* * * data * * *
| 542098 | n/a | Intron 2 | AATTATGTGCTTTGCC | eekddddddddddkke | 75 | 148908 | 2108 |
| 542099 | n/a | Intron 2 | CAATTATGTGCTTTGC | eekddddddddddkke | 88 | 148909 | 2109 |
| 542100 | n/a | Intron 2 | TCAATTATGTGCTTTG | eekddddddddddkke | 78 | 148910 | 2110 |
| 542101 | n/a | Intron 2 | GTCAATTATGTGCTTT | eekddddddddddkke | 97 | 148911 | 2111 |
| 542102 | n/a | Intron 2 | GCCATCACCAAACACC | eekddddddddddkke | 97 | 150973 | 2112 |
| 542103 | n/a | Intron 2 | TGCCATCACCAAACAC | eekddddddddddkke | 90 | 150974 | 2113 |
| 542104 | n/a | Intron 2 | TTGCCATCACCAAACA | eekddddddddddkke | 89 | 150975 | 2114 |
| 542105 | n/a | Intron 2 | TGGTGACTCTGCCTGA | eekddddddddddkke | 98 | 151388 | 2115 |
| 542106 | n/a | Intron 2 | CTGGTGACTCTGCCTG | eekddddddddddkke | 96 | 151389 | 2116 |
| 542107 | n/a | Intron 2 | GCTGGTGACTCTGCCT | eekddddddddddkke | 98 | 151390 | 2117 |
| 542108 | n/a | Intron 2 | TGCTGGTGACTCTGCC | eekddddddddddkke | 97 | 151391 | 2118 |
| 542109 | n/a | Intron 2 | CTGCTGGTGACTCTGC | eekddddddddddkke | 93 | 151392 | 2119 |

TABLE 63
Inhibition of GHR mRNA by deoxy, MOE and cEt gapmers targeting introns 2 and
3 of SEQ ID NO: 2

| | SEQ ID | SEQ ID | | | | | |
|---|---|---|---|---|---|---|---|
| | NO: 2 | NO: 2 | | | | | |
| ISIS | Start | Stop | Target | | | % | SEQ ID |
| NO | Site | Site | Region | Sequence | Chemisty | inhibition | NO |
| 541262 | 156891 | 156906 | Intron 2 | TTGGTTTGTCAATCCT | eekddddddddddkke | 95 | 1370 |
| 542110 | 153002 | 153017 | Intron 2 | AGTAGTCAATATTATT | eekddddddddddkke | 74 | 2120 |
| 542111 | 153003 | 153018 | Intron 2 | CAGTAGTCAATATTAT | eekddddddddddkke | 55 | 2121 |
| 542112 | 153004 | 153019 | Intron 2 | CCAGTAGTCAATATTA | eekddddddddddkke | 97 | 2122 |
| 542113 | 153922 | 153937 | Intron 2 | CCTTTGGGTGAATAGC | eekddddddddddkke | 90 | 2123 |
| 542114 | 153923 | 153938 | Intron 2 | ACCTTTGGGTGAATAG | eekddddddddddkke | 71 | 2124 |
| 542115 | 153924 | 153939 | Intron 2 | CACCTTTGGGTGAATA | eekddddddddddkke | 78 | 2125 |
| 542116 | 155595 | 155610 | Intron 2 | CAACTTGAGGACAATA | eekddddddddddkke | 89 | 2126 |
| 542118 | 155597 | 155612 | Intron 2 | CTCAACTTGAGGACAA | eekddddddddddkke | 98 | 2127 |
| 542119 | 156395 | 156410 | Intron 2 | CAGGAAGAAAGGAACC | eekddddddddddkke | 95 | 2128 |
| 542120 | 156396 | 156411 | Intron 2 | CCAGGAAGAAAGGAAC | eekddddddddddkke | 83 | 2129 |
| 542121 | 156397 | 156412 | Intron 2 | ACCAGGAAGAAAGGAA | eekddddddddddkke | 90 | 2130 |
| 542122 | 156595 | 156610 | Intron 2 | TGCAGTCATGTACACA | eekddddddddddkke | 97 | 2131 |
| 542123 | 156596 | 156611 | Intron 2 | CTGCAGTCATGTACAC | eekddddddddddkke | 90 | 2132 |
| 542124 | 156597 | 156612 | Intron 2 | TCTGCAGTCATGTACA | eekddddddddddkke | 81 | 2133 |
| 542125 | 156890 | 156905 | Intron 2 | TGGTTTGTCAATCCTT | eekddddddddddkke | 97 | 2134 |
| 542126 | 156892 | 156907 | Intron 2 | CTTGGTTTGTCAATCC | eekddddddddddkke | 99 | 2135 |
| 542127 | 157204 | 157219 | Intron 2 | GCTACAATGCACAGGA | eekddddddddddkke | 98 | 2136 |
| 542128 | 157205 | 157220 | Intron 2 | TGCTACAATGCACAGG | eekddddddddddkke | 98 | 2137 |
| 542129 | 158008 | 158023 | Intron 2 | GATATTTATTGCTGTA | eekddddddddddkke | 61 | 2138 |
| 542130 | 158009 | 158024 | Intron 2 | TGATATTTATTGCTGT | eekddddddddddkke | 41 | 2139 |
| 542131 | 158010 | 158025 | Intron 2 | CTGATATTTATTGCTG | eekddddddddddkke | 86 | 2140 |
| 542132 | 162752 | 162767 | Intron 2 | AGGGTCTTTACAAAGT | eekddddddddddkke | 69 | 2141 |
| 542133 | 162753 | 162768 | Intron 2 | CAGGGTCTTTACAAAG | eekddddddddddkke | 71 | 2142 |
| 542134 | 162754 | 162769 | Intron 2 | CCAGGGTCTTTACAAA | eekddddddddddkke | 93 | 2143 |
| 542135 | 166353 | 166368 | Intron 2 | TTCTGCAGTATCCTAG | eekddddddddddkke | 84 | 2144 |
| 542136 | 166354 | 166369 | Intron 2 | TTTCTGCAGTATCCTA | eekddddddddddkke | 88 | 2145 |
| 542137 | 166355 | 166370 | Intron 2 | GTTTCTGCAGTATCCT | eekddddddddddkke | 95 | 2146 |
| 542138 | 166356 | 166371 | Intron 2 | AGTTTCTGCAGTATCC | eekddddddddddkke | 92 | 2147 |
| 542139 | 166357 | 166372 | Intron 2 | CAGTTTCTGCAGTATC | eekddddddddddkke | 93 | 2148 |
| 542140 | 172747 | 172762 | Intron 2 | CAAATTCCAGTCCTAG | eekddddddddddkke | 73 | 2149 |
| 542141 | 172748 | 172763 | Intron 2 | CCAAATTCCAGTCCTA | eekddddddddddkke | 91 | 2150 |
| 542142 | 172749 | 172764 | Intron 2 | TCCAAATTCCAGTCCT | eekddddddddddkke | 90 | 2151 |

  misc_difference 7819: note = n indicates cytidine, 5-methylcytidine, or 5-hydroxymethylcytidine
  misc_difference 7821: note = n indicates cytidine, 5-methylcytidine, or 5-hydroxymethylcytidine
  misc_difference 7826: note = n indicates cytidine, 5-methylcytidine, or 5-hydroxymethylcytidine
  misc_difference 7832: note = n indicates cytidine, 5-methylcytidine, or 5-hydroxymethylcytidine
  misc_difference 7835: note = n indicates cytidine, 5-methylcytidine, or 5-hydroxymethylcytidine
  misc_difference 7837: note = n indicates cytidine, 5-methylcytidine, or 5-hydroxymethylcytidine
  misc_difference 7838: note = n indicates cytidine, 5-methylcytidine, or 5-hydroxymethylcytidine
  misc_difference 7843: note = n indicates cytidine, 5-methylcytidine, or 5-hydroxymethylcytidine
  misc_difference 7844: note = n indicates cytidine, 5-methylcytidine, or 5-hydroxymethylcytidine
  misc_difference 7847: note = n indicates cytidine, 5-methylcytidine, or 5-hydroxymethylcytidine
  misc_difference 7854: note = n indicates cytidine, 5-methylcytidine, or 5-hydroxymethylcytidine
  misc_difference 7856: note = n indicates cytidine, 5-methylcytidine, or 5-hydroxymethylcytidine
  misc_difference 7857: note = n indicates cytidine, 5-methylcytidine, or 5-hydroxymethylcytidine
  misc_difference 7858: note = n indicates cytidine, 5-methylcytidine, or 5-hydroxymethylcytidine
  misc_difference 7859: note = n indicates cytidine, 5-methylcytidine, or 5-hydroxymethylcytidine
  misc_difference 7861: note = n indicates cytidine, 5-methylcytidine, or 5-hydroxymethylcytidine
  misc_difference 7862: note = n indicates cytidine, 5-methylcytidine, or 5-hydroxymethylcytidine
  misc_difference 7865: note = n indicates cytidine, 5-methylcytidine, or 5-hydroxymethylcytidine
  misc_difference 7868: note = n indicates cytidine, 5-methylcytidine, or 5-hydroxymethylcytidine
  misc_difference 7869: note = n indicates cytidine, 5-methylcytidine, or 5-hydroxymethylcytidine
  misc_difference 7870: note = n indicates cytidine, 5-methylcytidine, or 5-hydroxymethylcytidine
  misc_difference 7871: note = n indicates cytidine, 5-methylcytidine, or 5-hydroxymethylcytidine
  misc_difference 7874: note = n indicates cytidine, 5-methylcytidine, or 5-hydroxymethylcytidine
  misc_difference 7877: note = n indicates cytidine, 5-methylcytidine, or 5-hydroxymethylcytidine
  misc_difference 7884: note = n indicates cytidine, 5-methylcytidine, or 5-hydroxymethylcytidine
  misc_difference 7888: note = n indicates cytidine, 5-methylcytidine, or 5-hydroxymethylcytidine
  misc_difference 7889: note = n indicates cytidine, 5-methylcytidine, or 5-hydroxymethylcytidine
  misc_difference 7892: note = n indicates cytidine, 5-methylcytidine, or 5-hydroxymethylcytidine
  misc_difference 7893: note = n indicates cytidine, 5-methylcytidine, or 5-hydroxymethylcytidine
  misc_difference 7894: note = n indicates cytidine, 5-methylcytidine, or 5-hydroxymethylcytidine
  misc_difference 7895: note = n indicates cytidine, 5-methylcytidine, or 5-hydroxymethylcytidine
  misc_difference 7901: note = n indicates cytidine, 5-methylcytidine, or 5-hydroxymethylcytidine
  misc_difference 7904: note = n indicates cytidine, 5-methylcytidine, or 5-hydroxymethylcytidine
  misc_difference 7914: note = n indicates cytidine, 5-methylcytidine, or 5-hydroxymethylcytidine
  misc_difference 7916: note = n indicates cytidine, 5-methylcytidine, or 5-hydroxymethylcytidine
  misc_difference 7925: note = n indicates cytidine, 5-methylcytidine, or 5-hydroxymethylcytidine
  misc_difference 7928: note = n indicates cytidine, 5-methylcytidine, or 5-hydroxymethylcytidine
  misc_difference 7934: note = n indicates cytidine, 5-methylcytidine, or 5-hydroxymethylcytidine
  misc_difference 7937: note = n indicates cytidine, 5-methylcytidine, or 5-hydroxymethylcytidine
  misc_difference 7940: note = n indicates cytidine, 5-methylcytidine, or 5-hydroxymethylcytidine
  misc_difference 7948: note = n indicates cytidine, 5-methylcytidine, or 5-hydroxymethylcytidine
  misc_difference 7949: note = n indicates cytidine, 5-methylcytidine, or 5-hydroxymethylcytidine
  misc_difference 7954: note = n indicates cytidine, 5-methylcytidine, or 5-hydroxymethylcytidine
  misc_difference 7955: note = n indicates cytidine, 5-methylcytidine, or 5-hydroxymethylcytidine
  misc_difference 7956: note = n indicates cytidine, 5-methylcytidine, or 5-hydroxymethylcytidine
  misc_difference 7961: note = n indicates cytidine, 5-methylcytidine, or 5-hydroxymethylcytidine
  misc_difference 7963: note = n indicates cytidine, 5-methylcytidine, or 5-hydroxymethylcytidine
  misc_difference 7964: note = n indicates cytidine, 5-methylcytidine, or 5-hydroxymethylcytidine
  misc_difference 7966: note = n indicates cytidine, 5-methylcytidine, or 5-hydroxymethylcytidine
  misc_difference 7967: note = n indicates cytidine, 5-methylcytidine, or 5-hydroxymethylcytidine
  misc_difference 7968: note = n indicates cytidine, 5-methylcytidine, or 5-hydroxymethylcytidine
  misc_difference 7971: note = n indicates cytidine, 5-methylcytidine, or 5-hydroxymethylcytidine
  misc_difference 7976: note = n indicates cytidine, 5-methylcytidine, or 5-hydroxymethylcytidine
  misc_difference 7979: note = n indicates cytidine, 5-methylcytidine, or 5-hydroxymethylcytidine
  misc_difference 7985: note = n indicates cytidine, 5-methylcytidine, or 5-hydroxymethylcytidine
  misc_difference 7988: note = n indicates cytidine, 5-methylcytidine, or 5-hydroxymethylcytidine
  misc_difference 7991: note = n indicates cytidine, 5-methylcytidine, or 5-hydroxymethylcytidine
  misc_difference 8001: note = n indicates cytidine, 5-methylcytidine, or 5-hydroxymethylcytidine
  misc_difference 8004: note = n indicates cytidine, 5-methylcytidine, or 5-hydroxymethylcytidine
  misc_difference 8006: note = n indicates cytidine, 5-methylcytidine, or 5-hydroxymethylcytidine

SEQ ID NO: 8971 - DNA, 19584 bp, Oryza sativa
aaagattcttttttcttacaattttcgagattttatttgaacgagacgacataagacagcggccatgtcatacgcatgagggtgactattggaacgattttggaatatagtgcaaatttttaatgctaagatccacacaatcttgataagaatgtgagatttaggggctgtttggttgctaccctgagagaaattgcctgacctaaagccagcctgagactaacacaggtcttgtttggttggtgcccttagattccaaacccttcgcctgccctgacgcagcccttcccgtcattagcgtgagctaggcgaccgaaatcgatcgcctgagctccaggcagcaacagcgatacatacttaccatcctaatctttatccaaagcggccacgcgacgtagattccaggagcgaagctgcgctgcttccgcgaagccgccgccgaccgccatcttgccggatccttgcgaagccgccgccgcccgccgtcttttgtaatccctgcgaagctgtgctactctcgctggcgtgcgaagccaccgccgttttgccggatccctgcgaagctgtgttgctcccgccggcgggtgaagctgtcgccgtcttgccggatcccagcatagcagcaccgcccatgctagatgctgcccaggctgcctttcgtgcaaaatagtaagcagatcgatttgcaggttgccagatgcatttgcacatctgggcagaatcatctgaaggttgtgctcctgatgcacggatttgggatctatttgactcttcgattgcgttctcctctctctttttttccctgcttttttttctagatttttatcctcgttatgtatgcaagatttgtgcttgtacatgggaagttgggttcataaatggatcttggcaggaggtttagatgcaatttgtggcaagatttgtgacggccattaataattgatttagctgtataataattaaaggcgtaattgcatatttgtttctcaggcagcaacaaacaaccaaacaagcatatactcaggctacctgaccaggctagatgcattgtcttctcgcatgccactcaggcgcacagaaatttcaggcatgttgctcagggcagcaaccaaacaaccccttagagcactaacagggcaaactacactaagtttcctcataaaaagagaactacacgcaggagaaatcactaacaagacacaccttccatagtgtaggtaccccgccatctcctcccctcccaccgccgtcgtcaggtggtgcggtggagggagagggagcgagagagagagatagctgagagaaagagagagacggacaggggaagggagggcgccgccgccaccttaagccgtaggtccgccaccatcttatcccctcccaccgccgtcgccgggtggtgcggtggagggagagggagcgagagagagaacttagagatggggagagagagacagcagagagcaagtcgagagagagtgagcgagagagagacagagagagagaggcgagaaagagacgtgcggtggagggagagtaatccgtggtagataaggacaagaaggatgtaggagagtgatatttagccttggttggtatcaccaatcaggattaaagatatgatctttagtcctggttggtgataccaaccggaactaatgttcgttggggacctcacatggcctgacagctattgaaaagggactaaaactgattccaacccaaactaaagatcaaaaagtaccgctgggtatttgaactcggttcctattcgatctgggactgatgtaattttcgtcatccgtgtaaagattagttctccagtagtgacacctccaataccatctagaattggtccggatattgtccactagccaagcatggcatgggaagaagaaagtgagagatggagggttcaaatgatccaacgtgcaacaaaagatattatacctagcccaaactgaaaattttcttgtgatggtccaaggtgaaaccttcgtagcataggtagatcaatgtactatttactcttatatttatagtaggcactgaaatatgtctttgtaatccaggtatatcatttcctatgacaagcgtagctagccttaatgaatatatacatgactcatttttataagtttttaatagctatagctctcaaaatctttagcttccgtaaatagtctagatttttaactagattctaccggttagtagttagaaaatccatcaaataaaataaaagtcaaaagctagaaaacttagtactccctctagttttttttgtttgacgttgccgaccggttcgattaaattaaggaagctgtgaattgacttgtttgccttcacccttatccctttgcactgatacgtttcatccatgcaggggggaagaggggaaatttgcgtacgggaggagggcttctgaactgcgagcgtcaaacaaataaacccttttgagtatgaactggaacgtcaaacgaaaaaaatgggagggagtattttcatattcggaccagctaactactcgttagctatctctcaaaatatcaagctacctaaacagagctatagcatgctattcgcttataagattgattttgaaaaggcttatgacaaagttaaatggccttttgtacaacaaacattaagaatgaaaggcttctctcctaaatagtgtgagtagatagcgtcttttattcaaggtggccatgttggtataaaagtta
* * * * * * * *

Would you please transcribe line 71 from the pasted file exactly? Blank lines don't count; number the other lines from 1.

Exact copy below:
  misc_difference 7865: note = n indicates cytidine, 5-methylcytidine, or 5-hydroxymethylcytidine